Italy News: 03.29.09

Some news from Italy for your Sunday reading pleasure:






    • It’s not every day that you hear about a missing 350-year-old Italian statue turning up in a suburban North Carolina home. The couple who had the statue had no idea when they bought it a few years ago that it was stolen from Naples in 1990.


    • And while we’re on the subject of returned stolen art, Greece has sent two murals back to Italy after they were taken from a church in Campania in 1982.








    • Gestures are as much a part of the Italian language as the words are, so it’s always nice to know what Italians are saying when they’re not even speaking. Michelle’s Mental Clutter posted a link to an instructional video, and then she decoded each gesture. Have fun!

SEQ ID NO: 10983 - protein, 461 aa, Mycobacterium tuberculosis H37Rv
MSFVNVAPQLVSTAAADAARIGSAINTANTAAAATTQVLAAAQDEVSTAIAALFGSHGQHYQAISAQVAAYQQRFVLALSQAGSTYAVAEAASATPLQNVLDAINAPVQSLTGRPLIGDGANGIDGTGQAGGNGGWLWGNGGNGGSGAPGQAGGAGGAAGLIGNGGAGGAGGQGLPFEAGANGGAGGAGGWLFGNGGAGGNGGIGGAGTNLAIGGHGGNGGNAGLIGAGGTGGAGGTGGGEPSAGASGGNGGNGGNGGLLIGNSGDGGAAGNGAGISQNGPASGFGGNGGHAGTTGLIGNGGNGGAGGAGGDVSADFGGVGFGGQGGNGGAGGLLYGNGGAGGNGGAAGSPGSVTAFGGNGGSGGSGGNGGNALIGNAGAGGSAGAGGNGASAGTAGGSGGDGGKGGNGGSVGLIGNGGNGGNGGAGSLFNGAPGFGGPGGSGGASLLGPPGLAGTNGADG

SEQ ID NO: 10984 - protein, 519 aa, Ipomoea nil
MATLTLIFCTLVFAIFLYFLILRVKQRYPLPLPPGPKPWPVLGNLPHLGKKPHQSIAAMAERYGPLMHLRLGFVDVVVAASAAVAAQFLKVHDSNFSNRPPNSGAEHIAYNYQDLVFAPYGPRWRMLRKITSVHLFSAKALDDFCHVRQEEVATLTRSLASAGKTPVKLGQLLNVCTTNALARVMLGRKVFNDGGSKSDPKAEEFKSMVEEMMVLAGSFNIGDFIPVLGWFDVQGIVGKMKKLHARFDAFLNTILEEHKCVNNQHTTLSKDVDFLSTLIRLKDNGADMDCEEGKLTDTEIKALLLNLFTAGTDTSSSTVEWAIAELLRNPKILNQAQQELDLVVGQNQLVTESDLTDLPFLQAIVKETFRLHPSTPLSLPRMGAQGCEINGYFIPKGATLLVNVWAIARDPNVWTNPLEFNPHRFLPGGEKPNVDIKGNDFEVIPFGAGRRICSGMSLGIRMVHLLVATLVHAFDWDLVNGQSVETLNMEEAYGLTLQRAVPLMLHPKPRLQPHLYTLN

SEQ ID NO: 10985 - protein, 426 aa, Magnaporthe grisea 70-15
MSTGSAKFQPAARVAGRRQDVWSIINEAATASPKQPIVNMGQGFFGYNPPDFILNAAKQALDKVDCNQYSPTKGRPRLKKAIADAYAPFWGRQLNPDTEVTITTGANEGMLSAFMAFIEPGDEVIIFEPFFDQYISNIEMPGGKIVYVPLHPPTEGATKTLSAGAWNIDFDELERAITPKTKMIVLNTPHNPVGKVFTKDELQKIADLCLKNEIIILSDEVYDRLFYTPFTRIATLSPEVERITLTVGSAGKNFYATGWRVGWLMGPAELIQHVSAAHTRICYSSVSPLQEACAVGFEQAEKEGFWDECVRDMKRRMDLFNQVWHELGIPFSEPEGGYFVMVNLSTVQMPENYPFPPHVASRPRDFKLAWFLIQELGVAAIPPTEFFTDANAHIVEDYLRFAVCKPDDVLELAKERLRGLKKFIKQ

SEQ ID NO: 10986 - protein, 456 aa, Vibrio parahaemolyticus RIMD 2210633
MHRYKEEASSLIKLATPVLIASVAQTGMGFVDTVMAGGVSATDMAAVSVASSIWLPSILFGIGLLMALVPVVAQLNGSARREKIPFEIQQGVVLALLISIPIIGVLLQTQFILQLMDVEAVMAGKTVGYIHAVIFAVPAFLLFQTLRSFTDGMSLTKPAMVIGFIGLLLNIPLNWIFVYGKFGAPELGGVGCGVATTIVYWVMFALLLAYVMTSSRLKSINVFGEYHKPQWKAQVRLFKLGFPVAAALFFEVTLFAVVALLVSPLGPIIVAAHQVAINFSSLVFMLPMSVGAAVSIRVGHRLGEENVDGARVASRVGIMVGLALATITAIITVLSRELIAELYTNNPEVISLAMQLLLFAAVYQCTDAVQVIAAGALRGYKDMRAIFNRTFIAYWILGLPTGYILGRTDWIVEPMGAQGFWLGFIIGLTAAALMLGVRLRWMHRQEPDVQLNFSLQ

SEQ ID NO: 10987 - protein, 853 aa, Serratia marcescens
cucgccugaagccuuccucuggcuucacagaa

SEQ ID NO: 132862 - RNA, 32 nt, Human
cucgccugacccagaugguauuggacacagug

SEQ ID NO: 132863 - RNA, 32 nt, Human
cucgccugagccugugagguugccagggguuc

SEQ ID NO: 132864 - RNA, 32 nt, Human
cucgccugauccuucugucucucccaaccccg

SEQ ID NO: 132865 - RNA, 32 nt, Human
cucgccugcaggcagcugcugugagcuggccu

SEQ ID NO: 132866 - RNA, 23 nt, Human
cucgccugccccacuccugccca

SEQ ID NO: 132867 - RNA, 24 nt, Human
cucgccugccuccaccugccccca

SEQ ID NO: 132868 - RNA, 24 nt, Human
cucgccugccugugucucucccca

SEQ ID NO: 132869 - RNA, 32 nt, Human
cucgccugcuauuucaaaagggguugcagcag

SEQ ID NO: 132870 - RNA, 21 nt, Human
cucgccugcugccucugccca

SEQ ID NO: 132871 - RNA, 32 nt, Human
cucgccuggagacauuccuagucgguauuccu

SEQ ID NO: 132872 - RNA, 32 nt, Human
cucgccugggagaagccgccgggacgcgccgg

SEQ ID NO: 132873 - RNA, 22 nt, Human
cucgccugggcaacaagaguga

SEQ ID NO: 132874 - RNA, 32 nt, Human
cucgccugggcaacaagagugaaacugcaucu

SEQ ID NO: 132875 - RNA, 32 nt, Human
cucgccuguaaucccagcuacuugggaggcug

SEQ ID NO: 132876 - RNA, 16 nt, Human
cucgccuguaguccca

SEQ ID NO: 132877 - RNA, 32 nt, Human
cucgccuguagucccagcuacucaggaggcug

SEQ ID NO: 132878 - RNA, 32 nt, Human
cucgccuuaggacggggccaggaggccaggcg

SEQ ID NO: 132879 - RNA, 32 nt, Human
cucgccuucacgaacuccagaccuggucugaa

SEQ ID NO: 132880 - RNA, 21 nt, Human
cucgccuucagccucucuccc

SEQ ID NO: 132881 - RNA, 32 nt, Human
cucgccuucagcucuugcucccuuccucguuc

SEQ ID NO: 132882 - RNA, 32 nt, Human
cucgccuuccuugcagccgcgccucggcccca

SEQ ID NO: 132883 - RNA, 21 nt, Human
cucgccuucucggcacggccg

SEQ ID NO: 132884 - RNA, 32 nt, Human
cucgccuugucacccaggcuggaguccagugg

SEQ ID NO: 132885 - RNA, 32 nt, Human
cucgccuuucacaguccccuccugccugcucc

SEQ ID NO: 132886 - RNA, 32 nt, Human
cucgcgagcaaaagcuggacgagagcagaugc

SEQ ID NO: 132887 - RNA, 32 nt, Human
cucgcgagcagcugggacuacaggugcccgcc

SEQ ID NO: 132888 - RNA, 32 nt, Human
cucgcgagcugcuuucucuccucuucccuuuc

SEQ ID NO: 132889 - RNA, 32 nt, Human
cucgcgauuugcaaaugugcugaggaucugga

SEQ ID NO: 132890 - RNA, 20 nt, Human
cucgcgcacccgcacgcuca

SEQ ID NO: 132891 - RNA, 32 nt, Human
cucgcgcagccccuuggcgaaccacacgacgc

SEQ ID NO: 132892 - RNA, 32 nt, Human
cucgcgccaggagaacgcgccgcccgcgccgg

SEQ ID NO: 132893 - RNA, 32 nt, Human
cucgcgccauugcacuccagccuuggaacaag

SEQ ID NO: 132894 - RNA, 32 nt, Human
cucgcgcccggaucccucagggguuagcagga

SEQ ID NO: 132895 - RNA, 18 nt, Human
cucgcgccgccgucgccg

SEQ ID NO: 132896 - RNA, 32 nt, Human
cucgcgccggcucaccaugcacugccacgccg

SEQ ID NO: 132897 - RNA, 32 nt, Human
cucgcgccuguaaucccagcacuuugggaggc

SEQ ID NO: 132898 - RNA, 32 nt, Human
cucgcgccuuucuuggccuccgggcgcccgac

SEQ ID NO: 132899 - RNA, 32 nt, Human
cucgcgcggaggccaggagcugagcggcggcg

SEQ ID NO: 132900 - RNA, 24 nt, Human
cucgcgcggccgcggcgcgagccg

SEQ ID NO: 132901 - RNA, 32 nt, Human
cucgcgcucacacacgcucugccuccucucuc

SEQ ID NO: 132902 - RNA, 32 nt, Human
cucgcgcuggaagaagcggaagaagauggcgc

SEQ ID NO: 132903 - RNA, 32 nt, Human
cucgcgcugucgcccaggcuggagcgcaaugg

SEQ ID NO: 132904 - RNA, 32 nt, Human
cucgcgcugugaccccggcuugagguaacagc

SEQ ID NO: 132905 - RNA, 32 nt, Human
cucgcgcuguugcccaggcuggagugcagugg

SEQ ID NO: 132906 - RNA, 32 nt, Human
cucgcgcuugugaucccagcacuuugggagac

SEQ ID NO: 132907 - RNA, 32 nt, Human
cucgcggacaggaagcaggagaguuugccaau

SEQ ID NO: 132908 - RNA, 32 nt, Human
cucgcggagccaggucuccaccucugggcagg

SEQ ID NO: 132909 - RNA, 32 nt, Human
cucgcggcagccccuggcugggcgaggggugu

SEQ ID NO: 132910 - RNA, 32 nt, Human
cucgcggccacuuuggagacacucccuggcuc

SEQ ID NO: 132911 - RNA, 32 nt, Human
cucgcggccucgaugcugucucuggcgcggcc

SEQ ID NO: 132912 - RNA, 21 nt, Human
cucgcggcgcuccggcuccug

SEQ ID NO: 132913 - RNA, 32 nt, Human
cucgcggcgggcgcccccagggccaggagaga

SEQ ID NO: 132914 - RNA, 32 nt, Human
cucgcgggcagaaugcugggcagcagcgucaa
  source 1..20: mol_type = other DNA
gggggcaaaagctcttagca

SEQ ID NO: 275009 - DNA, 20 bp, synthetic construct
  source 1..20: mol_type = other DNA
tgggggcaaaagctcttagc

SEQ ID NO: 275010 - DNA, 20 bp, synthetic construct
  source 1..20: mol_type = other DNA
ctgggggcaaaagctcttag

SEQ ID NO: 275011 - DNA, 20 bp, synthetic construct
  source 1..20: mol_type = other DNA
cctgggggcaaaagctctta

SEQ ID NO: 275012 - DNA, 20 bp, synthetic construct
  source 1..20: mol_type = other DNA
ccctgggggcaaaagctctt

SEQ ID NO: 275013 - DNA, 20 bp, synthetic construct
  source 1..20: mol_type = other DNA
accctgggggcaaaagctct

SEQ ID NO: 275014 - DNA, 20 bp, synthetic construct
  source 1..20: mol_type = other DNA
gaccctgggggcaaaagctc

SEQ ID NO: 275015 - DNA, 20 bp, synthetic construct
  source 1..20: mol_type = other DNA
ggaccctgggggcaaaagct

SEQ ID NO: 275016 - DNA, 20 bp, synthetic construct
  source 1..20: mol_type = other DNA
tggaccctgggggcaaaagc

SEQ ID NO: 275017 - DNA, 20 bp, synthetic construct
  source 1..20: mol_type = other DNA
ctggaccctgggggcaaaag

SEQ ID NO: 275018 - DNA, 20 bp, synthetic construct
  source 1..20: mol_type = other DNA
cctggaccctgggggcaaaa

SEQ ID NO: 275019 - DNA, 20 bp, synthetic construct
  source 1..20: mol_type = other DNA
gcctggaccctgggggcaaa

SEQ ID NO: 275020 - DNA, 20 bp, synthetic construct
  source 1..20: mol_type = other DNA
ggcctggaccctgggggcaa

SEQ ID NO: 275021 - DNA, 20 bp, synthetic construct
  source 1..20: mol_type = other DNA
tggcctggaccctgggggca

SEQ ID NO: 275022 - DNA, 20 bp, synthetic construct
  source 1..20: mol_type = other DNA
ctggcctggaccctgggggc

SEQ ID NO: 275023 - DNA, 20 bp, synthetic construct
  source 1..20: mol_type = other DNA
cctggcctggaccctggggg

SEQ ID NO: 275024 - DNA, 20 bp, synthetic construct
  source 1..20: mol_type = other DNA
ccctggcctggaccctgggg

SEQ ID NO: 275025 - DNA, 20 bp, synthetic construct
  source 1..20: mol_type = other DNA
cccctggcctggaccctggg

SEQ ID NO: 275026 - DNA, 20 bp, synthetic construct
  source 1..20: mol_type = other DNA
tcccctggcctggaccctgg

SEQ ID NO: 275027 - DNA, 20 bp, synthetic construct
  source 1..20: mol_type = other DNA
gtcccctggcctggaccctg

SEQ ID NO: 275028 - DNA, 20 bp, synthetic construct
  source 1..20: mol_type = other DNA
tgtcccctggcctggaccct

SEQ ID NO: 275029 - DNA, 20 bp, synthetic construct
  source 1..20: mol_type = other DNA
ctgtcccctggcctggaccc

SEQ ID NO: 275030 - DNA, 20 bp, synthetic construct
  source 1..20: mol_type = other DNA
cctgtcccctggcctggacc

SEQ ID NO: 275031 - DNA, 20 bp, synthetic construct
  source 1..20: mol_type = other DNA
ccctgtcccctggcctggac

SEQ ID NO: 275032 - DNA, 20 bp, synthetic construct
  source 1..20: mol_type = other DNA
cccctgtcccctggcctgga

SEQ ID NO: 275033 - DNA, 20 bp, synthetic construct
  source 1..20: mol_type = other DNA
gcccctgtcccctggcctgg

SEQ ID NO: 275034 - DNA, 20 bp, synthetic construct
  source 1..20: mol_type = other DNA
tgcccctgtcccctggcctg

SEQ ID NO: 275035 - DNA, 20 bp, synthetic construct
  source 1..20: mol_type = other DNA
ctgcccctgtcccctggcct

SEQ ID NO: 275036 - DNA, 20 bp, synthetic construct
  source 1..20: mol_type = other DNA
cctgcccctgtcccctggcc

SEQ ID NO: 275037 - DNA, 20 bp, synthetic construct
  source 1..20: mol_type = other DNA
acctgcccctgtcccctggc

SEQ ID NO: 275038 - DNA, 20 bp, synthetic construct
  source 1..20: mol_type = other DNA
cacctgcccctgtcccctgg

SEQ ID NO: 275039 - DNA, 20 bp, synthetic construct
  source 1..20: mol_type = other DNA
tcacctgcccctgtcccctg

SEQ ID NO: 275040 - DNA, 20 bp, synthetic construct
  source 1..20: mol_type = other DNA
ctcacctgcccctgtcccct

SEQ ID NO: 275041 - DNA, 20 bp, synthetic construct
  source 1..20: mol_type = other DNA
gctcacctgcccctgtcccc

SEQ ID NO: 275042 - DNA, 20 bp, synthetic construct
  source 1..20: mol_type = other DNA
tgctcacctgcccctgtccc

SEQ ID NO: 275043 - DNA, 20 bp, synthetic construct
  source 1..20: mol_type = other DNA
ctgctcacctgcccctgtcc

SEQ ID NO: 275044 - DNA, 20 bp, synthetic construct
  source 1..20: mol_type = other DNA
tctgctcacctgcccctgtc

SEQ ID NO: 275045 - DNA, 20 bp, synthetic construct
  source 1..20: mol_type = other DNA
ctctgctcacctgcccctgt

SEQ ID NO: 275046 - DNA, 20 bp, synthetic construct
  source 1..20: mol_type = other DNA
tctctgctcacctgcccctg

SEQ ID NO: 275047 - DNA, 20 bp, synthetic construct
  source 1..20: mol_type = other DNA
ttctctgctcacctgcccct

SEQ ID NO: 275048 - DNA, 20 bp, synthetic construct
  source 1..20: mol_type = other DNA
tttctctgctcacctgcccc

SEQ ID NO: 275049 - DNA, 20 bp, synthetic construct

• The Italian government is proposing a 30% cap on foreign students in each classroom. They say it’s because they think “it will help immigrant children integrate with Italians,” but if you’ve been paying attention to anything the Italian government has said in the last 5-10 years, you’ll know that’s not why they’re proposing such a law.


    • An osteria outside Rome makes this list of “Europe’s top family-run restaurants.”








    • And as any Dan Brown aficionado knows, the Knights Templar figured heavily in “The Da Vinci Code” – so if you’re still intrigued by this old religious order, you’ll be pleased to know that a Templar church in Perugia is set to become an “international centre of research” on the group.



    • A man who took around €10 in coins from the Trevi Fountain was acquitted by a Roman judge, though he was ordered to return the money.




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